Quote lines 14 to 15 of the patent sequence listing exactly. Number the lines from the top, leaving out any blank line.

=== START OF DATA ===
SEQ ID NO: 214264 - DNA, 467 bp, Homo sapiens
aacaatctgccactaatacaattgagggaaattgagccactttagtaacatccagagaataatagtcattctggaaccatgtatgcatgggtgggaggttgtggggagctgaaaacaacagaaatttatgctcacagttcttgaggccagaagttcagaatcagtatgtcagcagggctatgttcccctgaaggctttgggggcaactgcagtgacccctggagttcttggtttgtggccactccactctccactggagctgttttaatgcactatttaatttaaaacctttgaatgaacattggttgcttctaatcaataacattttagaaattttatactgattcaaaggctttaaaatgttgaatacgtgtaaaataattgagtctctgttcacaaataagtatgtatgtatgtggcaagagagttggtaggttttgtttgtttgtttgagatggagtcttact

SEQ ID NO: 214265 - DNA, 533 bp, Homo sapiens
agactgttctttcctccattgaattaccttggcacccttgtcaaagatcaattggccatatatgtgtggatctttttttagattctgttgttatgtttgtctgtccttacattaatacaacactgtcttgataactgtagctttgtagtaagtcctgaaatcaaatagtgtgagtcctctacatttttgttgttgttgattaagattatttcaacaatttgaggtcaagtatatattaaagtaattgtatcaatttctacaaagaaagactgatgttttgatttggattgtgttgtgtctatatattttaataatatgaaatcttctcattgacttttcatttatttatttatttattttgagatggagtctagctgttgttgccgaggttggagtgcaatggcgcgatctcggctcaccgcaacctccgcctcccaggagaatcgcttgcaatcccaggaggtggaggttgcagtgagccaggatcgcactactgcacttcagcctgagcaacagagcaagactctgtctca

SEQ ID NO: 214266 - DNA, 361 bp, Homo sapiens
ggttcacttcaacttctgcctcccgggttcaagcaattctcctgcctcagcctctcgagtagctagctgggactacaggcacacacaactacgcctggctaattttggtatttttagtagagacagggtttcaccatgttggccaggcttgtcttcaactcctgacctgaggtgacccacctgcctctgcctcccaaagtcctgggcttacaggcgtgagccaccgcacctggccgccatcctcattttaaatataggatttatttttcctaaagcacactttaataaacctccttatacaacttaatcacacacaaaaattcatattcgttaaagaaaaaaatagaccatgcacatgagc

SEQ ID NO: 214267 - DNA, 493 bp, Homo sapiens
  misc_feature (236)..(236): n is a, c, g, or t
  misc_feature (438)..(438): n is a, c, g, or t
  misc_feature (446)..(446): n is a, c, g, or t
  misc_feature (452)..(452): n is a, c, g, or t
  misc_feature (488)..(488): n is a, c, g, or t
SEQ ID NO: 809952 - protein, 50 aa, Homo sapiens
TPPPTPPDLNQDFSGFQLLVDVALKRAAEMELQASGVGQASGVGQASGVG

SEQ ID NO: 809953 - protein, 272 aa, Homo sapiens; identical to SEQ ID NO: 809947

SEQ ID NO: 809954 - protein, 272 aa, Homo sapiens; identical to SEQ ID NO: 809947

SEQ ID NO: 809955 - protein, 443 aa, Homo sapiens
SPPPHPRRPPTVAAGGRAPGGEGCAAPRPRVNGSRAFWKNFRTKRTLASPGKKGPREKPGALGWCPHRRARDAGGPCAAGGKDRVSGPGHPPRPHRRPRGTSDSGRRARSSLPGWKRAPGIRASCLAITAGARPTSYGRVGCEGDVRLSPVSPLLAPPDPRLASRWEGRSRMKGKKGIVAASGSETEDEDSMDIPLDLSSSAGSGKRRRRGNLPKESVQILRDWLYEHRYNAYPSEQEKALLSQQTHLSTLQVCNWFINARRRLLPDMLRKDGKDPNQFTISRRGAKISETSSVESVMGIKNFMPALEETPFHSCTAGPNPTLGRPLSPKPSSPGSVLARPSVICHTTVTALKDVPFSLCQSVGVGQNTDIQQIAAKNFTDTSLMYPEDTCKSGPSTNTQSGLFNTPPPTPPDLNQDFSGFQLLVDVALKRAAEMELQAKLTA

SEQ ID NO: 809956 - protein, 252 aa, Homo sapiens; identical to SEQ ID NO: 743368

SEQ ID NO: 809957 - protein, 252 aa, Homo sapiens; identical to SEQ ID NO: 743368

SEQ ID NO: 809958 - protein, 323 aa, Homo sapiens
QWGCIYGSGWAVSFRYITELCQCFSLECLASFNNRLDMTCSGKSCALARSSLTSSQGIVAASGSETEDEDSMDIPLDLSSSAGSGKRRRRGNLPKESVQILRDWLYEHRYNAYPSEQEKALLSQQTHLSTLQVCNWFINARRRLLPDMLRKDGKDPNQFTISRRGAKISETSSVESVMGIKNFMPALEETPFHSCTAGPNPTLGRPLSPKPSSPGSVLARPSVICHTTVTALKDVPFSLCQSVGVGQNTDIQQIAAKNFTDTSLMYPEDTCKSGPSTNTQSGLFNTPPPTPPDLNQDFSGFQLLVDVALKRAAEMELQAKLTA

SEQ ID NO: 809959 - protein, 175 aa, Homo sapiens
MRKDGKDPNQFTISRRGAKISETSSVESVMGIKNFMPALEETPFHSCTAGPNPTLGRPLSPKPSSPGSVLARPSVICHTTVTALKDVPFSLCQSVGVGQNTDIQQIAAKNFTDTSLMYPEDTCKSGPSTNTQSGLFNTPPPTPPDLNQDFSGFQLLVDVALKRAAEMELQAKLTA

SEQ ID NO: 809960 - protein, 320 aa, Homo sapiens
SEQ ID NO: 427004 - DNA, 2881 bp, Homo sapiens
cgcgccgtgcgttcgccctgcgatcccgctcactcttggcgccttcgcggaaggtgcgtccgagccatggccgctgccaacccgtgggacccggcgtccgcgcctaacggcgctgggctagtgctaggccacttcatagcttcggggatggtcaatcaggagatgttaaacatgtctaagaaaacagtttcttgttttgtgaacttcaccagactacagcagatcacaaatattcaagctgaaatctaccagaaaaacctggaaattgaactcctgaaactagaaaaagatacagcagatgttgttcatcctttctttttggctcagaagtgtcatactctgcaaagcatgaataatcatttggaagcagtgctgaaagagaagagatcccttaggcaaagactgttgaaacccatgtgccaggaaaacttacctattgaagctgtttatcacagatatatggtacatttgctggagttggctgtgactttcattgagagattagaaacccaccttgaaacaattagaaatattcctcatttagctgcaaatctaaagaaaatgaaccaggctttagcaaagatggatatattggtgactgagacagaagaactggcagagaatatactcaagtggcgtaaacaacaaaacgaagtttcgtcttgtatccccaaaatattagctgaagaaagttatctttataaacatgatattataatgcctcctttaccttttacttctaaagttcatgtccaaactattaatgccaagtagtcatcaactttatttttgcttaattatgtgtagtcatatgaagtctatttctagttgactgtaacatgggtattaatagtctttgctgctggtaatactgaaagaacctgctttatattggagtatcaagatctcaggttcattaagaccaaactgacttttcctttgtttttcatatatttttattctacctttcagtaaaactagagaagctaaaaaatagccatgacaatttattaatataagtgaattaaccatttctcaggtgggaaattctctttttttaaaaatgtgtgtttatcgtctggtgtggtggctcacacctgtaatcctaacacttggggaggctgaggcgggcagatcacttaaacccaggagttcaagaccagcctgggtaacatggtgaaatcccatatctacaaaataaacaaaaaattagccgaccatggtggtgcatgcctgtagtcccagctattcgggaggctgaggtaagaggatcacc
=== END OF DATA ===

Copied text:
TPPPTPPDLNQDFSGFQLLVDVALKRAAEMELQASGVGQASGVGQASGVG

SEQ ID NO: 809953 - protein, 272 aa, Homo sapiens; identical to SEQ ID NO: 809947